Just as electricity transformed industries in the past century, AI will profoundly change our world in the next several years. As machine learning pioneer Andrew Ng states: “pretty much anything that a normal person can do in less than a second of thought, we can now automate with AI.” Doesn’t this apply to much of the decision making we do every day? If you have 30 spare minutes, I warmly recommend watching Andrew Ng's talk about the state of Artificial Intelligence on YouTube.
Why 5G is so much more than radio
Traditionally, the evolution of mobile networks has mainly been driven by hardware and radio technology advancements. The (r)evolution to 5G will be different, with software playing a critical role. 5G brings the promise of making spectrum, hardware and software technologies (like SDN/NFV) work together better.
Thanks to its high density, peak bandwidth, low latency, and its capability to support up to a million connected devices per km2, 5G will deliver the connectivity foundation for realizing Fubini’s law. 2G mainly brought us mobility, 3G gave us data and LTE added multimedia and video. But 5G will unleash ubiquitous access to a wealth of new applications, content services and business models.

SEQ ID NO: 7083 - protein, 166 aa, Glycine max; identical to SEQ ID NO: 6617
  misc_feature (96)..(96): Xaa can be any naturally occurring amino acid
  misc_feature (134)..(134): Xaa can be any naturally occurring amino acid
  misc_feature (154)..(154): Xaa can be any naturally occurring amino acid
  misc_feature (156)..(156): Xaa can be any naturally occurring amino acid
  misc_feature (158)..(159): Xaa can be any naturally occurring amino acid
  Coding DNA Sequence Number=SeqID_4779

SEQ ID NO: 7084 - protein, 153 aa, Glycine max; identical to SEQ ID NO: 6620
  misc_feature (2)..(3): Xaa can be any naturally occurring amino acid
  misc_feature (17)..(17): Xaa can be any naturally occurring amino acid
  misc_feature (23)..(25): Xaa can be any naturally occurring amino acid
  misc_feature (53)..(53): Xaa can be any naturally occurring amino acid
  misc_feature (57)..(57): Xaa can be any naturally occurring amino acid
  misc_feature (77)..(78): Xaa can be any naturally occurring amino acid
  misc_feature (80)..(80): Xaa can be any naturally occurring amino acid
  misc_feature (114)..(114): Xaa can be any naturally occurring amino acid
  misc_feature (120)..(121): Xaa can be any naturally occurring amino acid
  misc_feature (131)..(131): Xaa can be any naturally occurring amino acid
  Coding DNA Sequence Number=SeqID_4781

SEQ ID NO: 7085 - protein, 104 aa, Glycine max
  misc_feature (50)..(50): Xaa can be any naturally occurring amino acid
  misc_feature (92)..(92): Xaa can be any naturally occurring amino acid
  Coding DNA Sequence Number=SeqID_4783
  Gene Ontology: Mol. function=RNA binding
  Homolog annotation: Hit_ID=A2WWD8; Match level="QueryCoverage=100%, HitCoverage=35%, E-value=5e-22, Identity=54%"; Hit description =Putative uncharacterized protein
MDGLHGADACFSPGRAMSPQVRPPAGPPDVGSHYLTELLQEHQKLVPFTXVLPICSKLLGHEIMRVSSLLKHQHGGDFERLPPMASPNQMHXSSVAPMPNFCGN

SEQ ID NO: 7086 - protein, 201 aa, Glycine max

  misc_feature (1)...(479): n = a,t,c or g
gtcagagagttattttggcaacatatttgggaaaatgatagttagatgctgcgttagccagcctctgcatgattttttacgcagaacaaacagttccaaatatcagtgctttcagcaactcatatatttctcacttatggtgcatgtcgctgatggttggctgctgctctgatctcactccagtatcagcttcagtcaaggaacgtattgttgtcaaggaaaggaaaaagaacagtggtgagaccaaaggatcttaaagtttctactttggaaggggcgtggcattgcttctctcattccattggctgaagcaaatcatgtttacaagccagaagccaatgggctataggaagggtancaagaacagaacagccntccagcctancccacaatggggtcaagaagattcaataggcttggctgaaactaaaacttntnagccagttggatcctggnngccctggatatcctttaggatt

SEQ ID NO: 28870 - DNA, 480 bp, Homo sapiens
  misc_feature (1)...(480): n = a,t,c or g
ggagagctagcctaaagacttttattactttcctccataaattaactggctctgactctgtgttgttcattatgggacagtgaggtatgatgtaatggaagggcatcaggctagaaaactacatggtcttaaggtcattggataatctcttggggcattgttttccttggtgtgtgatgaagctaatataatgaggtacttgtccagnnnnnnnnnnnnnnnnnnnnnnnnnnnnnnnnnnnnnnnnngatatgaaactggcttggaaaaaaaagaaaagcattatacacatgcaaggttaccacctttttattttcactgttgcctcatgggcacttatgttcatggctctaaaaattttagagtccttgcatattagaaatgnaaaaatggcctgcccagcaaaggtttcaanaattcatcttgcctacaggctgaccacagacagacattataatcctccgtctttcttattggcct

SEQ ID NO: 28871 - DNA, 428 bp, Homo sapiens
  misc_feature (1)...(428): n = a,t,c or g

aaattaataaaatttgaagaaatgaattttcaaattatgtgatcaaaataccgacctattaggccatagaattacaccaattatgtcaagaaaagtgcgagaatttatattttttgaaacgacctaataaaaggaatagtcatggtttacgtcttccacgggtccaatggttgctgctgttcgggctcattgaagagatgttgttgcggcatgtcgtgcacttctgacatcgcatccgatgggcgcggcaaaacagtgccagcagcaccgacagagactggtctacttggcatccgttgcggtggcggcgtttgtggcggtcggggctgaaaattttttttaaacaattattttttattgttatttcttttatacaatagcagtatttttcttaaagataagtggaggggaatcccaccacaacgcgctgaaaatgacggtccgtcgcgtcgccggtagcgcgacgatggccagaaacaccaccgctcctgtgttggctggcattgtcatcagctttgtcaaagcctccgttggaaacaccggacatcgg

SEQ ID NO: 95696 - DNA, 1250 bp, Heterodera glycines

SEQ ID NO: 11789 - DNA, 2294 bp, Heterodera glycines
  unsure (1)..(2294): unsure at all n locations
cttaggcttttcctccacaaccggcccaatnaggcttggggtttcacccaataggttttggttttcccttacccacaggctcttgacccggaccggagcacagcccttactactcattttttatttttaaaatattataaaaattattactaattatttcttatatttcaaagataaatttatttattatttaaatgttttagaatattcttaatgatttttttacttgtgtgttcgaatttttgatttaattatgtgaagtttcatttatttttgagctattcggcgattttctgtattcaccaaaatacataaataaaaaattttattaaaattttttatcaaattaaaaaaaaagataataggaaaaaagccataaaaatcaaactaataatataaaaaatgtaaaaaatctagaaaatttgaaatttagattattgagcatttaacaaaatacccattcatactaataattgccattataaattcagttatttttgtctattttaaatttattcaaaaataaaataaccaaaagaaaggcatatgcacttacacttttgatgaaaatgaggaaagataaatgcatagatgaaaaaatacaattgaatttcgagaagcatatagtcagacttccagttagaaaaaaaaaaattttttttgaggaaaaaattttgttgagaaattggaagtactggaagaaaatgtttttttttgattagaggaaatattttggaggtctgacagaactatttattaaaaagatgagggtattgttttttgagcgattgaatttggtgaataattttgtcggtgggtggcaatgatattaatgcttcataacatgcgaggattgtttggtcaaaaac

The consumption of video streams, like Netflix, over mobile telecom networks that took off with the introduction of LTE is expected to grow even faster on 5G. At the same time, new human interaction technologies like Augmented Reality, Virtual Reality, and Mixed Reality will bolster a wealth of content service innovations. Last year’s Winter Olympics in PyeongChang gave the world a first glimpse of the next generation of mobile broadband and content services, like 4K video streaming, 360° VR and omni-point view. And the best is yet to come.
Forget the Negroponte switch
In the 1980s, Nicolas Negroponte formulated an idea that came to be known as the “Negroponte switch”. The founder of the MIT Media Lab predicted that devices like telephones, that – up to then – were transmitting data over wired networks would soon become wireless, while services, such as television broadcast, that were receiving their content via airwaves would be delivered over cables.
5G networks, with their ubiquitous mobile access, abundance of bandwidth and low-latency transmission capabilities, are making the Negroponte switch, well, kind of obsolete. In fact, any current or future content application can now – if the economic context permits – be delivered over wireless access. While network slicing and the migration to the cloud will offer unprecedented flexibility to develop new ecosystems, to speed up time to market, and to grow business – without bounds.
The late Steve Jobs once said: “Innovation distinguishes between a leader and a follower.” Which of the two do you plan to be? At Nokia, we’re ready to help you innovate in digital time!
5G-powered innovation will be all around at the upcoming Mobile World Congress in Barcelona. We’re looking forward to welcoming you on the Nokia booth and show you how our end-to-end approach to 5G and innovative technologies will transform business, industry and the human experience.